I have always believed that American politics is berserk. My reason for this is that, according to my definition, since everyone in the American political spectrum supports capitalism, American politics can hardly qualify to be even called politics.
Ever since I was a kid, I have defined politics as a struggle between capitalism and socialism. In my world, even the great social change that shook America in the 1960s did not qualify as a serious political movement, because it never tried to challenge the fundamentally capitalist nature of American society.
Only when I read Howard Zinn’s remarkable book, A Peoples History of the United States, did I gain a full awareness of the immense struggle, the unending struggle, that ordinary people have always conducted in the United States against the governing elites, who have controlled the nation since the first colonies were established.
It is only a short step from this attitude of mine to the belief that American politics is irrevocably corrupt. The fact that a recent governor of Illinois has been given a long prison sentence for his corruption is so unsurprising that it passed with hardly a ripple on the smooth surface of their political system..
All this is by way of deploring the loss of Dennis Kucinich in a Democratic primary that was forced on him by the so-called re-districting or jerrymandering of the electoral district in which he has been such a distinguished member of the House of Representatives since 1996, and a failed candidate for President on a couple of occasions. Since his candidature on both occasions seemed the only serious one to challenge the verities of capitalism, it came as no surprise to me that he garnered only one per cent of the vote.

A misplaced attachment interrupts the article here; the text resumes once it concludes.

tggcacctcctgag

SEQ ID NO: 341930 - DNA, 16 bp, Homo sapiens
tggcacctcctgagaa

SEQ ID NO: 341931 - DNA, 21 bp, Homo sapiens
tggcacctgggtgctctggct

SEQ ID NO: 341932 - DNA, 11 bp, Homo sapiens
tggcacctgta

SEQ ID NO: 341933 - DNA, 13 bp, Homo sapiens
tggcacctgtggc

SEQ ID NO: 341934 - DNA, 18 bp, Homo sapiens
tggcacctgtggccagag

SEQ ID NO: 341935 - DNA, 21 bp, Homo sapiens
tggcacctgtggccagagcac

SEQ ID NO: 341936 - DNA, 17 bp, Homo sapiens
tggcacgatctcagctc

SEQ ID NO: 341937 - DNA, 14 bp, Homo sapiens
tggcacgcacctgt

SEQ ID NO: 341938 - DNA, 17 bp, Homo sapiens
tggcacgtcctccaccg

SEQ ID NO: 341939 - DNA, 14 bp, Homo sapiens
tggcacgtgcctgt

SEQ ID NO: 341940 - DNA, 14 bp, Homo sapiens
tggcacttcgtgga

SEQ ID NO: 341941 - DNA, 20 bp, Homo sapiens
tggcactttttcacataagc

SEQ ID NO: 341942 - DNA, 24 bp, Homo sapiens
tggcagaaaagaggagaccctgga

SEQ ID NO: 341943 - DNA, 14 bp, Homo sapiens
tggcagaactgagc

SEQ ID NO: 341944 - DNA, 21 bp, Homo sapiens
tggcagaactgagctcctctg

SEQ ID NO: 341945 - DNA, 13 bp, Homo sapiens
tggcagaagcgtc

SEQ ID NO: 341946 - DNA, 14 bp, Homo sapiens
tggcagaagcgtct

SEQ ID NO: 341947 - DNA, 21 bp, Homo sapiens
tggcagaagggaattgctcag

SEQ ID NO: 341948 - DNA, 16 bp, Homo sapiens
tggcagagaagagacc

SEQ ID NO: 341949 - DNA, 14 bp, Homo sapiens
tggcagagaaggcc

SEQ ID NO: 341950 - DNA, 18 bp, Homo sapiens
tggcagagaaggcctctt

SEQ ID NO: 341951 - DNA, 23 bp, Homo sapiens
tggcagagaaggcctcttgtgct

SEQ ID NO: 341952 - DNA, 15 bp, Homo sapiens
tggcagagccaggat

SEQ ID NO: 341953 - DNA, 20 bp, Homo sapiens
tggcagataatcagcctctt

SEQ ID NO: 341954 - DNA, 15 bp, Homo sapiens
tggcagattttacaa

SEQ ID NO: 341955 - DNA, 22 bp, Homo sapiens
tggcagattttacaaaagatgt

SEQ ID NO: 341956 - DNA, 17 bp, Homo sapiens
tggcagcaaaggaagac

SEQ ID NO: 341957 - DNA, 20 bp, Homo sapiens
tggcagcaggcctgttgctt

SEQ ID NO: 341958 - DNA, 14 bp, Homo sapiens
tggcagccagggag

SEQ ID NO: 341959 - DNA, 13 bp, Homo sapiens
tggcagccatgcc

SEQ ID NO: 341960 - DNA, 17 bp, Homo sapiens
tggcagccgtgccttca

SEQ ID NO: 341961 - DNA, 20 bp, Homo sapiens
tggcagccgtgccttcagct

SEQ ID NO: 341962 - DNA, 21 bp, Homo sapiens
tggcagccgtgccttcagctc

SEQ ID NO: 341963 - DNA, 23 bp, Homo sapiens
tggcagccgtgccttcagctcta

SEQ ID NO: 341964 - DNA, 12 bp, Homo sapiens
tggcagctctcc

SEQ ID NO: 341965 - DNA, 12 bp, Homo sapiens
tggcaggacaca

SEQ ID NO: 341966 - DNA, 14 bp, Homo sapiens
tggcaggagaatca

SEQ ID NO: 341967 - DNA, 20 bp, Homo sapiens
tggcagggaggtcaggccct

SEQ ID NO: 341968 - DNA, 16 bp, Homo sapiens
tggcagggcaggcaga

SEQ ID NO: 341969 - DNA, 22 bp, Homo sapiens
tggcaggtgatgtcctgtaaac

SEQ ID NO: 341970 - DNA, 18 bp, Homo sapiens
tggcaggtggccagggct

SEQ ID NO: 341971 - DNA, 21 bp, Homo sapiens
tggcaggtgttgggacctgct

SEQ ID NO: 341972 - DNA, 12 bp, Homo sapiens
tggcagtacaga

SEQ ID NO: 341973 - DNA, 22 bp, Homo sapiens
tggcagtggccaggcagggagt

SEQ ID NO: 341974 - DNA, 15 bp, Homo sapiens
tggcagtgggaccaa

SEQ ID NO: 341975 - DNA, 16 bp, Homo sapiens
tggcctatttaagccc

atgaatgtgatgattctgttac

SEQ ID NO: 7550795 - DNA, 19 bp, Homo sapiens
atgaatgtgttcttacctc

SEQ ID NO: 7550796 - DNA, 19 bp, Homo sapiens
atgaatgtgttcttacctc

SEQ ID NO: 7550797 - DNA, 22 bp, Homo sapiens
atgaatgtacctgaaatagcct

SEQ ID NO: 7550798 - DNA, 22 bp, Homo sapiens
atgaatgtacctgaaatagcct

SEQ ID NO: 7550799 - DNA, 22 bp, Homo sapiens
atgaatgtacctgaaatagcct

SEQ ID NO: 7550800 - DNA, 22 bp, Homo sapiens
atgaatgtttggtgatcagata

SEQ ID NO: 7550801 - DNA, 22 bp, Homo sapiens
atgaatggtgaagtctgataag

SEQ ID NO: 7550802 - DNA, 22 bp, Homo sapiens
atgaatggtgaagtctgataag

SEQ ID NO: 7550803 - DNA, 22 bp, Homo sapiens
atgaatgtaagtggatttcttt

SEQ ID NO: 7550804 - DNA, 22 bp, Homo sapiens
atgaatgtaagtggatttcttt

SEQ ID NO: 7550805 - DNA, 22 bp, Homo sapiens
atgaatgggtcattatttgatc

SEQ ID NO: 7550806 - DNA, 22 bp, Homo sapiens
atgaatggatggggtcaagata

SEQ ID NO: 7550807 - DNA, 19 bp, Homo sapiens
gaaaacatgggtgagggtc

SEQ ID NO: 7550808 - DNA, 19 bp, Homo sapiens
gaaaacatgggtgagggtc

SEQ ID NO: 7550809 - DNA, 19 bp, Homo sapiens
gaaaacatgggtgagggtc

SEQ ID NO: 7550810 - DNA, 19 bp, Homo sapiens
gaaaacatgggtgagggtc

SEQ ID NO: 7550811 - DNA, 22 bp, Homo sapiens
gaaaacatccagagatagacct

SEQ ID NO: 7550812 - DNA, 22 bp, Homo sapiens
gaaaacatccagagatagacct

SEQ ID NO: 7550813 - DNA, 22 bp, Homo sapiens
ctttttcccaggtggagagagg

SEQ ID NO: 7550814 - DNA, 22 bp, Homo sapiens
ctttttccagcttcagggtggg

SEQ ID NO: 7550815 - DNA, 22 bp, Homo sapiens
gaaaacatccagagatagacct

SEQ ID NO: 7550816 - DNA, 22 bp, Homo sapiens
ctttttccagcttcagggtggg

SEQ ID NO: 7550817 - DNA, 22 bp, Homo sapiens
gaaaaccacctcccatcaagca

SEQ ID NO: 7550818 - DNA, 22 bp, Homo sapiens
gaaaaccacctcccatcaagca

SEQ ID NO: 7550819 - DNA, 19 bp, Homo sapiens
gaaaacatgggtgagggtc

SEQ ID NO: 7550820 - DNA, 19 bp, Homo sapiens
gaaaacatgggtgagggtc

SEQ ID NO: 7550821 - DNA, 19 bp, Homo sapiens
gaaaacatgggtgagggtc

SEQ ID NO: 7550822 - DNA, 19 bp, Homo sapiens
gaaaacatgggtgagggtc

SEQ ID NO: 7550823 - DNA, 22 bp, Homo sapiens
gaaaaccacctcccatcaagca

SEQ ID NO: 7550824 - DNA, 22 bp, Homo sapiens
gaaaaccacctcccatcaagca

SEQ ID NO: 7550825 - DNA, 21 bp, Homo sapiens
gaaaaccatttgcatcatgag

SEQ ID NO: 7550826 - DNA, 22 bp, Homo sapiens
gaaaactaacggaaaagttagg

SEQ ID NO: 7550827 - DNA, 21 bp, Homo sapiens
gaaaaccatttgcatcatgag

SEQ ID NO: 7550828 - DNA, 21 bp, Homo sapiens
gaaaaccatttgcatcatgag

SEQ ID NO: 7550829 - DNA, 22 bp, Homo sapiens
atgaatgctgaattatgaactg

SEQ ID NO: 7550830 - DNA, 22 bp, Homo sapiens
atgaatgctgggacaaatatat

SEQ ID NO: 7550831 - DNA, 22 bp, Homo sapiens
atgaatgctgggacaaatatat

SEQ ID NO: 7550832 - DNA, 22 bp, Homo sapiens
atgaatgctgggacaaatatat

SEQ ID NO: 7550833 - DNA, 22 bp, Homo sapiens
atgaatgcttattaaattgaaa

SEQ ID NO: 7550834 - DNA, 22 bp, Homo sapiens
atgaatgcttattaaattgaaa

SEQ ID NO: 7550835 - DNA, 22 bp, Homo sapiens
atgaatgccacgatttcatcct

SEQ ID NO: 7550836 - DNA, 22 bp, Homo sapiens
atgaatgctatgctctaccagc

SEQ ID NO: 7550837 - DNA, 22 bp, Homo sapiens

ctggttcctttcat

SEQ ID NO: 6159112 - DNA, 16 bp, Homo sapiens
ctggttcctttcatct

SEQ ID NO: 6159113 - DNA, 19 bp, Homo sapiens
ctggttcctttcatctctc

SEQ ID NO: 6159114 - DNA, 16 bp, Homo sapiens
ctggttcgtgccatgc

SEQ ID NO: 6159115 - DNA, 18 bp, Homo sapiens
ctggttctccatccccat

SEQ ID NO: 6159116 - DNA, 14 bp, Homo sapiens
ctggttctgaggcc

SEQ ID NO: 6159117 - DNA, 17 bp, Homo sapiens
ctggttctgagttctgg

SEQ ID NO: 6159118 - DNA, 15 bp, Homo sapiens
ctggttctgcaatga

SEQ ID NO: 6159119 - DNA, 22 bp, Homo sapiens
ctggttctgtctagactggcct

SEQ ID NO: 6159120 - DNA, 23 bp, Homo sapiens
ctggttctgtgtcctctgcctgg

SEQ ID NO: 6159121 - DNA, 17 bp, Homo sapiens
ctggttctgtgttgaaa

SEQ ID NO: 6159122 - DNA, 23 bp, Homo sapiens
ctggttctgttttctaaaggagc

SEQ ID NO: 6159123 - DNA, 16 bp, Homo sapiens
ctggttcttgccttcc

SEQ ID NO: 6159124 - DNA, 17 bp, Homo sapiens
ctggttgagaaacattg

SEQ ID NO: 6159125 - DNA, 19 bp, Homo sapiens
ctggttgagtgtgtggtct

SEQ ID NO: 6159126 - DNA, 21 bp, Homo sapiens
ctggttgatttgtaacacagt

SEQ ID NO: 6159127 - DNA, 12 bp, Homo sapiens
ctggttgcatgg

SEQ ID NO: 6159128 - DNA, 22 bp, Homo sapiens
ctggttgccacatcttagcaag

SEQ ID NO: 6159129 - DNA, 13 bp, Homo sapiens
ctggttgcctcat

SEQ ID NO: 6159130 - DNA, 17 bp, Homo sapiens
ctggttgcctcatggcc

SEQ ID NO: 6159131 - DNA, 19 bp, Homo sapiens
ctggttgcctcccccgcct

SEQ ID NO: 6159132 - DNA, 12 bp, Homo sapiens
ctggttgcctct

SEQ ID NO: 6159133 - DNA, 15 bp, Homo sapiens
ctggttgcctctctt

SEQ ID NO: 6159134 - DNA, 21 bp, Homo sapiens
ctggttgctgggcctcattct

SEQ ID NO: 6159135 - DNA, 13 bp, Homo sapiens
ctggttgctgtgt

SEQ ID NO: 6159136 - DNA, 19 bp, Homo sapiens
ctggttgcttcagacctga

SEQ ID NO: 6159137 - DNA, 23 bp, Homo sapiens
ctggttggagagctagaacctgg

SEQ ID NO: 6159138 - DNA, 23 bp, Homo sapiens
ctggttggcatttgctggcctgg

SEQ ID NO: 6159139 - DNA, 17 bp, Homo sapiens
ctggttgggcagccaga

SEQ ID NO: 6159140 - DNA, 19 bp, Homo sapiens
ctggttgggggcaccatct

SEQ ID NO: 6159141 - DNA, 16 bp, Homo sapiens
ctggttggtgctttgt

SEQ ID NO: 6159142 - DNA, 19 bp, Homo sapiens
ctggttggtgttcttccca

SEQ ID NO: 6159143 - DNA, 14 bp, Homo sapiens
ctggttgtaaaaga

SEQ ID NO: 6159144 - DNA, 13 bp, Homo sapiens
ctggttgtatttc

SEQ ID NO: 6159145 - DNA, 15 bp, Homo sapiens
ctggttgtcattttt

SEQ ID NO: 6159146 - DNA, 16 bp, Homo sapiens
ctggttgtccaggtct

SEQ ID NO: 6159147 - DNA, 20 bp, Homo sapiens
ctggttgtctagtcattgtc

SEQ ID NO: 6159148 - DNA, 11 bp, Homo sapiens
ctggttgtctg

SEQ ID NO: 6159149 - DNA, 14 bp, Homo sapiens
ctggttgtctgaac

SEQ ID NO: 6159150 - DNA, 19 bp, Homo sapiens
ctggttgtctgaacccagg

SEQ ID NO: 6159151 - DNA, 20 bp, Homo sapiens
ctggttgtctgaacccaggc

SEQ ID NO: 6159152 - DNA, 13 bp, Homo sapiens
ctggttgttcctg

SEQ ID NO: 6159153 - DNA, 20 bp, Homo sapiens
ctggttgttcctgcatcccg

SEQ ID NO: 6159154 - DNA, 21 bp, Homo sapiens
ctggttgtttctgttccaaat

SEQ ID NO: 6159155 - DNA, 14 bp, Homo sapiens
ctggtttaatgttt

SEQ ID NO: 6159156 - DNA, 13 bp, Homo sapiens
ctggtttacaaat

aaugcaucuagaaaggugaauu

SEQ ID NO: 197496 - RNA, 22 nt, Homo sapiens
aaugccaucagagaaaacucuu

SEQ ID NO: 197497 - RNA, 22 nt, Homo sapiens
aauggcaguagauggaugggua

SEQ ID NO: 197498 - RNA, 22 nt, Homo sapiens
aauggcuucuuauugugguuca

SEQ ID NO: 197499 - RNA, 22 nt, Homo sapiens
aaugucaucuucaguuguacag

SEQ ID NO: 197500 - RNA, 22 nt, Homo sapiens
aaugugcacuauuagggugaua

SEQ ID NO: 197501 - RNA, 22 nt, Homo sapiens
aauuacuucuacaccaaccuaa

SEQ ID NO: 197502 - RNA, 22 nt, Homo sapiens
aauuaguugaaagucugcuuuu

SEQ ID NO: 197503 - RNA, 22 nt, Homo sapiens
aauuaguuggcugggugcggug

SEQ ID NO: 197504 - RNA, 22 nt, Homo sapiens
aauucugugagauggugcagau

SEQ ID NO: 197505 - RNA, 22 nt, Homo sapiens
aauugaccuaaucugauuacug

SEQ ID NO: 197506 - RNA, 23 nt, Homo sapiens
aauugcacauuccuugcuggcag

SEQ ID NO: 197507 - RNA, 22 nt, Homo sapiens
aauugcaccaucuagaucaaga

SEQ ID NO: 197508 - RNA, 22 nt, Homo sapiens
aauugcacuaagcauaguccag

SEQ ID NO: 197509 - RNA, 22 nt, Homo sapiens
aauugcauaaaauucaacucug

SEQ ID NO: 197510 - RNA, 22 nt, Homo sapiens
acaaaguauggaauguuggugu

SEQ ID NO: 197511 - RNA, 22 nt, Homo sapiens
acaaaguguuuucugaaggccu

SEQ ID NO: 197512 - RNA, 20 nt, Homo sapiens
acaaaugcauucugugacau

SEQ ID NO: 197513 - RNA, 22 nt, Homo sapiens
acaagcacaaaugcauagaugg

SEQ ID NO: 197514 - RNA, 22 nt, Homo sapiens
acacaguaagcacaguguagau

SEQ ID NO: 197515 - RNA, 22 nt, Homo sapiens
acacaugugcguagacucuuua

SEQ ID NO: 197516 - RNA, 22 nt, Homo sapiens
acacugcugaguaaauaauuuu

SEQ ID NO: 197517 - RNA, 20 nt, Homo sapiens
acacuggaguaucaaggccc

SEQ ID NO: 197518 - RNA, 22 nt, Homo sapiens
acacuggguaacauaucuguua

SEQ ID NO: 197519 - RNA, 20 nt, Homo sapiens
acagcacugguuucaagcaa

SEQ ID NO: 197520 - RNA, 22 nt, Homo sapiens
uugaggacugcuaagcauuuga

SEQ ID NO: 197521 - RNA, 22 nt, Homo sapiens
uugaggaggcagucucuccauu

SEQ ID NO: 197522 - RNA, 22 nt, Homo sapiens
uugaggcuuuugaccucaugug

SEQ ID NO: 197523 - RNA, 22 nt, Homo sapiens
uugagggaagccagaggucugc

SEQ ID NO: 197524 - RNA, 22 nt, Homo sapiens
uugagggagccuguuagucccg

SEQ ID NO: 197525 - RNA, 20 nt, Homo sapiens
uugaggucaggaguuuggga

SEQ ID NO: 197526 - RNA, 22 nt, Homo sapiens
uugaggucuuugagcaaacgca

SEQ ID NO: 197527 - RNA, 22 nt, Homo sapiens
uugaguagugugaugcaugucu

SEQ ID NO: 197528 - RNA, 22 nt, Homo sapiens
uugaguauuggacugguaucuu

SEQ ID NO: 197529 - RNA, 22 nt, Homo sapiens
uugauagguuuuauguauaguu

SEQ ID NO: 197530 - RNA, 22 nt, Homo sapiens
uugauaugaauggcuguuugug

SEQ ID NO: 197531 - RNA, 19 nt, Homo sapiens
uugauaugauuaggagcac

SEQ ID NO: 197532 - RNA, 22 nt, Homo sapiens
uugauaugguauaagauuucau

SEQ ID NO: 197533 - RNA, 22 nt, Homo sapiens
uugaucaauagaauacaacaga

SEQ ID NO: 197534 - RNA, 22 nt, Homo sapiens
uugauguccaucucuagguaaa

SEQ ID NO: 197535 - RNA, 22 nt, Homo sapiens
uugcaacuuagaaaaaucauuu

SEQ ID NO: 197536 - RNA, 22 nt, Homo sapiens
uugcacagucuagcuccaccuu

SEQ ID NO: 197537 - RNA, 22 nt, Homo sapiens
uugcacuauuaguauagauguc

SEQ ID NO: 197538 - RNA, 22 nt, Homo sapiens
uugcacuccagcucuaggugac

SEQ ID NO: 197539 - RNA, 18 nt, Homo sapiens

He has now bitten the dust because a right-wing governor of Ohio, determined to get rid of Kucinich, jerrymandered the district in which he was elected in such a way as to force him out of office, virtually. Another fairly progressive member, Marcy Kaptur (she was featured in Michael Moore’s film, Capitalism, a Love Story) was forced into a race against Kucinich, in which all the indications were that she would have the advantage. This is how it turned out, unfortunately, and that means the end of one of the only two members of Congress who could have been called a socialist (the other is Senator Bernie Sanders, the redoubtable Democrat from Vermont).
Here is what John Nichols wrote in Common Dreams yesterday about the loss of Kucinich:
“A Congress without Dennis Kucinich will be a lesser branch. It's not just that the loss of the former leader of the Congressional Progressive Caucus will rob the House of its most consistent critic of wars in Iraq, Afghanistan and Libya, and one its steadiest critics of corporate power.
“Kucinich has since he arrived on the Hill in 1997 been one of a handful of absolutely engaged members. When issues have arisen, be it domestic or international, low profile or high, Kucinich has been at the ready - often with the first statement, the strongest demand and the boldest plan.”
That this voice for sanity in the insane world of US politics should have been forced out of office by a reactionary governor manipulating the boundaries of his constituency so as to get rid of him, may be terrible. But it simply confirms my belief in the corruption of the US political system.
Meanwhile, under the Harper government, we are making giant strides towards adopting the worst features of the US system. Woe is me!